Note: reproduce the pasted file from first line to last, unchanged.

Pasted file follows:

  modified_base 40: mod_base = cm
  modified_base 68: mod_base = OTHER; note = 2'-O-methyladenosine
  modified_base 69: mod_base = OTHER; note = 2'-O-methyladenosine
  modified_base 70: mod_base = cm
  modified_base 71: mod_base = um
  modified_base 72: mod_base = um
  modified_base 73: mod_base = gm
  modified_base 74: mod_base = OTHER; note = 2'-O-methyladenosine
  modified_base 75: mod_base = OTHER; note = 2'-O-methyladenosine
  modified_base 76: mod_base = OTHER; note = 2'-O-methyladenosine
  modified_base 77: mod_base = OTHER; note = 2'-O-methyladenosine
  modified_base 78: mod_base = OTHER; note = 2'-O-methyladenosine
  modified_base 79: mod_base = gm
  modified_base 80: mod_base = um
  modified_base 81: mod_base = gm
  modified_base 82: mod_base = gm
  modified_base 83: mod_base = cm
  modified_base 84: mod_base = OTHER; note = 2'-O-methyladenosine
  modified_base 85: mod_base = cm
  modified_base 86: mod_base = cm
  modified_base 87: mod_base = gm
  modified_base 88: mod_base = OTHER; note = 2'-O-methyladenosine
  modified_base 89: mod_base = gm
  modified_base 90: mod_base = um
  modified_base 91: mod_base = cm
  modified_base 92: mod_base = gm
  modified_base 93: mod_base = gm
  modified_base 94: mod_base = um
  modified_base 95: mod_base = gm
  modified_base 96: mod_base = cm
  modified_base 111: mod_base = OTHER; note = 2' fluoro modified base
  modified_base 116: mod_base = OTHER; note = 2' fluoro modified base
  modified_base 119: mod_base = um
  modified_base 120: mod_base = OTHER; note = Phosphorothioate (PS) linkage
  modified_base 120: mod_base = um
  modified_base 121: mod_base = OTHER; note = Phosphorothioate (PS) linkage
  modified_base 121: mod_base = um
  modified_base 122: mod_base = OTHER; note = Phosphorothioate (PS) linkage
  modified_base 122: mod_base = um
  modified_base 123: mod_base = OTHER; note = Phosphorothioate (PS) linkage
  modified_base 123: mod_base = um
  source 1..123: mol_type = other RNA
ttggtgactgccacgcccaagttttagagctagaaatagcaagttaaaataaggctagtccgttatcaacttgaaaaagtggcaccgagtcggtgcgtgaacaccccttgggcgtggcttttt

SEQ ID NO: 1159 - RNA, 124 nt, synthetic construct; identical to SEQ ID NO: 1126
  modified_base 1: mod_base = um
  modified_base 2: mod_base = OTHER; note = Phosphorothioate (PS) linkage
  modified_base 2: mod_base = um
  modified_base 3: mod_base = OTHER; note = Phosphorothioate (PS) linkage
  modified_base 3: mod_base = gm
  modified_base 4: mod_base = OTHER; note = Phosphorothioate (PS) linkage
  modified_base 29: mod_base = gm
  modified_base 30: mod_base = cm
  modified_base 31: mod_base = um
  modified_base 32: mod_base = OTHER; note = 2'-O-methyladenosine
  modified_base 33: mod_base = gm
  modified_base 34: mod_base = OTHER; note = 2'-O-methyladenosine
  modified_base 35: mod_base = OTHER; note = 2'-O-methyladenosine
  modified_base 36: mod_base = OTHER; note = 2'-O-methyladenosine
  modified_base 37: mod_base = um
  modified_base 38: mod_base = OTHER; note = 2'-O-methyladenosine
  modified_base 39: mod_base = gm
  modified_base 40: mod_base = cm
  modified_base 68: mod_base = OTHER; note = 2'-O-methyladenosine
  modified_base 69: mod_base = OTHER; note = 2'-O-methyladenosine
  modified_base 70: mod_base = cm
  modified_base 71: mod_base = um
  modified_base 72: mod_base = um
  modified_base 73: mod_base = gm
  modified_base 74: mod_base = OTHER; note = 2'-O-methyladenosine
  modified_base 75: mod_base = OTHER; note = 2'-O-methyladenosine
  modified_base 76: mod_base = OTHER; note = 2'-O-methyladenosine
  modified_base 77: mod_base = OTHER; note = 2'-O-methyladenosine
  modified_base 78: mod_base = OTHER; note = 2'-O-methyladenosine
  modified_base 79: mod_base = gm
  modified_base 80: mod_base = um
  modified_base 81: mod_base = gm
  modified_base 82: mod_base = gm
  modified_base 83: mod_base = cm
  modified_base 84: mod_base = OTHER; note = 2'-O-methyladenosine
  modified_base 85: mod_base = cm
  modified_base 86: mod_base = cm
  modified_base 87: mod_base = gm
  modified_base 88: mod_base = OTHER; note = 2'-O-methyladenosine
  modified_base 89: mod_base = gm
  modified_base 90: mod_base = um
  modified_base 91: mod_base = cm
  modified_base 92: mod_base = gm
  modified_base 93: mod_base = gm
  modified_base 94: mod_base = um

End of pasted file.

  modified_base 40: mod_base = cm
  modified_base 68: mod_base = OTHER; note = 2'-O-methyladenosine
  modified_base 69: mod_base = OTHER; note = 2'-O-methyladenosine
  modified_base 70: mod_base = cm
  modified_base 71: mod_base = um
  modified_base 72: mod_base = um
  modified_base 73: mod_base = gm
  modified_base 74: mod_base = OTHER; note = 2'-O-methyladenosine
  modified_base 75: mod_base = OTHER; note = 2'-O-methyladenosine
  modified_base 76: mod_base = OTHER; note = 2'-O-methyladenosine
  modified_base 77: mod_base = OTHER; note = 2'-O-methyladenosine
  modified_base 78: mod_base = OTHER; note = 2'-O-methyladenosine
  modified_base 79: mod_base = gm
  modified_base 80: mod_base = um
  modified_base 81: mod_base = gm
  modified_base 82: mod_base = gm
  modified_base 83: mod_base = cm
  modified_base 84: mod_base = OTHER; note = 2'-O-methyladenosine
  modified_base 85: mod_base = cm
  modified_base 86: mod_base = cm
  modified_base 87: mod_base = gm
  modified_base 88: mod_base = OTHER; note = 2'-O-methyladenosine
  modified_base 89: mod_base = gm
  modified_base 90: mod_base = um
  modified_base 91: mod_base = cm
  modified_base 92: mod_base = gm
  modified_base 93: mod_base = gm
  modified_base 94: mod_base = um
  modified_base 95: mod_base = gm
  modified_base 96: mod_base = cm
  modified_base 111: mod_base = OTHER; note = 2' fluoro modified base
  modified_base 116: mod_base = OTHER; note = 2' fluoro modified base
  modified_base 119: mod_base = um
  modified_base 120: mod_base = OTHER; note = Phosphorothioate (PS) linkage
  modified_base 120: mod_base = um
  modified_base 121: mod_base = OTHER; note = Phosphorothioate (PS) linkage
  modified_base 121: mod_base = um
  modified_base 122: mod_base = OTHER; note = Phosphorothioate (PS) linkage
  modified_base 122: mod_base = um
  modified_base 123: mod_base = OTHER; note = Phosphorothioate (PS) linkage
  modified_base 123: mod_base = um
  source 1..123: mol_type = other RNA
ttggtgactgccacgcccaagttttagagctagaaatagcaagttaaaataaggctagtccgttatcaacttgaaaaagtggcaccgagtcggtgcgtgaacaccccttgggcgtggcttttt

SEQ ID NO: 1159 - RNA, 124 nt, synthetic construct; identical to SEQ ID NO: 1126
  modified_base 1: mod_base = um
  modified_base 2: mod_base = OTHER; note = Phosphorothioate (PS) linkage
  modified_base 2: mod_base = um
  modified_base 3: mod_base = OTHER; note = Phosphorothioate (PS) linkage
  modified_base 3: mod_base = gm
  modified_base 4: mod_base = OTHER; note = Phosphorothioate (PS) linkage
  modified_base 29: mod_base = gm
  modified_base 30: mod_base = cm
  modified_base 31: mod_base = um
  modified_base 32: mod_base = OTHER; note = 2'-O-methyladenosine
  modified_base 33: mod_base = gm
  modified_base 34: mod_base = OTHER; note = 2'-O-methyladenosine
  modified_base 35: mod_base = OTHER; note = 2'-O-methyladenosine
  modified_base 36: mod_base = OTHER; note = 2'-O-methyladenosine
  modified_base 37: mod_base = um
  modified_base 38: mod_base = OTHER; note = 2'-O-methyladenosine
  modified_base 39: mod_base = gm
  modified_base 40: mod_base = cm
  modified_base 68: mod_base = OTHER; note = 2'-O-methyladenosine
  modified_base 69: mod_base = OTHER; note = 2'-O-methyladenosine
  modified_base 70: mod_base = cm
  modified_base 71: mod_base = um
  modified_base 72: mod_base = um
  modified_base 73: mod_base = gm
  modified_base 74: mod_base = OTHER; note = 2'-O-methyladenosine
  modified_base 75: mod_base = OTHER; note = 2'-O-methyladenosine
  modified_base 76: mod_base = OTHER; note = 2'-O-methyladenosine
  modified_base 77: mod_base = OTHER; note = 2'-O-methyladenosine
  modified_base 78: mod_base = OTHER; note = 2'-O-methyladenosine
  modified_base 79: mod_base = gm
  modified_base 80: mod_base = um
  modified_base 81: mod_base = gm
  modified_base 82: mod_base = gm
  modified_base 83: mod_base = cm
  modified_base 84: mod_base = OTHER; note = 2'-O-methyladenosine
  modified_base 85: mod_base = cm
  modified_base 86: mod_base = cm
  modified_base 87: mod_base = gm
  modified_base 88: mod_base = OTHER; note = 2'-O-methyladenosine
  modified_base 89: mod_base = gm
  modified_base 90: mod_base = um
  modified_base 91: mod_base = cm
  modified_base 92: mod_base = gm
  modified_base 93: mod_base = gm
  modified_base 94: mod_base = um